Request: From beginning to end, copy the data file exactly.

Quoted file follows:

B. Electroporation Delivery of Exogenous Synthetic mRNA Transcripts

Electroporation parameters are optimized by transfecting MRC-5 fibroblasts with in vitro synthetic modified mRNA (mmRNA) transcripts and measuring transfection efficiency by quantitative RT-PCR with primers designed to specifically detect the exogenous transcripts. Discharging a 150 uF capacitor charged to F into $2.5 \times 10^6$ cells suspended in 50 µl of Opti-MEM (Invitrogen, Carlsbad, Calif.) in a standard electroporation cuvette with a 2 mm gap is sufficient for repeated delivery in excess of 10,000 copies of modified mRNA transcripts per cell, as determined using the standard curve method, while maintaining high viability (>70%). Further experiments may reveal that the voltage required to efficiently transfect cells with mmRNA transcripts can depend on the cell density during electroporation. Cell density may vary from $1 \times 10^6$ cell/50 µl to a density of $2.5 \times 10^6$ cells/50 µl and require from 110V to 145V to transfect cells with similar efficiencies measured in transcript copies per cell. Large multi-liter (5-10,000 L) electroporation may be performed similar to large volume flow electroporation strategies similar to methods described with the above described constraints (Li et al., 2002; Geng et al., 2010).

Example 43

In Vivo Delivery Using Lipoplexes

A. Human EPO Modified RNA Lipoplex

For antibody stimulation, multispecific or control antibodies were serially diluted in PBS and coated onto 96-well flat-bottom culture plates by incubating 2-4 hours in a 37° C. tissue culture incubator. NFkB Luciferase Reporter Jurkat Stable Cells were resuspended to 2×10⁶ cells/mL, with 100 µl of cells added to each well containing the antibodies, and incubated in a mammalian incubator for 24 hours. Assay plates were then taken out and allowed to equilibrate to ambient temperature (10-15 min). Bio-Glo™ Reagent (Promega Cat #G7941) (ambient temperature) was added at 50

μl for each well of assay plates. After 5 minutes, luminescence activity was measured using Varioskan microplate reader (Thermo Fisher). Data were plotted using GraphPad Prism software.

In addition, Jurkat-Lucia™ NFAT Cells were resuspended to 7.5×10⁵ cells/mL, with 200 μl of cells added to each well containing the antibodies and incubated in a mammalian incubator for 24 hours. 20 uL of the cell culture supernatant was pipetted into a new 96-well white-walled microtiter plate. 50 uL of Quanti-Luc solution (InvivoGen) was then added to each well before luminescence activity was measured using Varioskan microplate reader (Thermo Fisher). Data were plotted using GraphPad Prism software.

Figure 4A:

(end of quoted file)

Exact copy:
B. Electroporation Delivery of Exogenous Synthetic mRNA Transcripts

Electroporation parameters are optimized by transfecting MRC-5 fibroblasts with in vitro synthetic modified mRNA (mmRNA) transcripts and measuring transfection efficiency by quantitative RT-PCR with primers designed to specifically detect the exogenous transcripts. Discharging a 150 uF capacitor charged to F into $2.5 \times 10^6$ cells suspended in 50 µl of Opti-MEM (Invitrogen, Carlsbad, Calif.) in a standard electroporation cuvette with a 2 mm gap is sufficient for repeated delivery in excess of 10,000 copies of modified mRNA transcripts per cell, as determined using the standard curve method, while maintaining high viability (>70%). Further experiments may reveal that the voltage required to efficiently transfect cells with mmRNA transcripts can depend on the cell density during electroporation. Cell density may vary from $1 \times 10^6$ cell/50 µl to a density of $2.5 \times 10^6$ cells/50 µl and require from 110V to 145V to transfect cells with similar efficiencies measured in transcript copies per cell. Large multi-liter (5-10,000 L) electroporation may be performed similar to large volume flow electroporation strategies similar to methods described with the above described constraints (Li et al., 2002; Geng et al., 2010).

Example 43

In Vivo Delivery Using Lipoplexes

A. Human EPO Modified RNA Lipoplex

For antibody stimulation, multispecific or control antibodies were serially diluted in PBS and coated onto 96-well flat-bottom culture plates by incubating 2-4 hours in a 37° C. tissue culture incubator. NFkB Luciferase Reporter Jurkat Stable Cells were resuspended to 2×10⁶ cells/mL, with 100 µl of cells added to each well containing the antibodies, and incubated in a mammalian incubator for 24 hours. Assay plates were then taken out and allowed to equilibrate to ambient temperature (10-15 min). Bio-Glo™ Reagent (Promega Cat #G7941) (ambient temperature) was added at 50

μl for each well of assay plates. After 5 minutes, luminescence activity was measured using Varioskan microplate reader (Thermo Fisher). Data were plotted using GraphPad Prism software.

In addition, Jurkat-Lucia™ NFAT Cells were resuspended to 7.5×10⁵ cells/mL, with 200 μl of cells added to each well containing the antibodies and incubated in a mammalian incubator for 24 hours. 20 uL of the cell culture supernatant was pipetted into a new 96-well white-walled microtiter plate. 50 uL of Quanti-Luc solution (InvivoGen) was then added to each well before luminescence activity was measured using Varioskan microplate reader (Thermo Fisher). Data were plotted using GraphPad Prism software.

Figure 4A: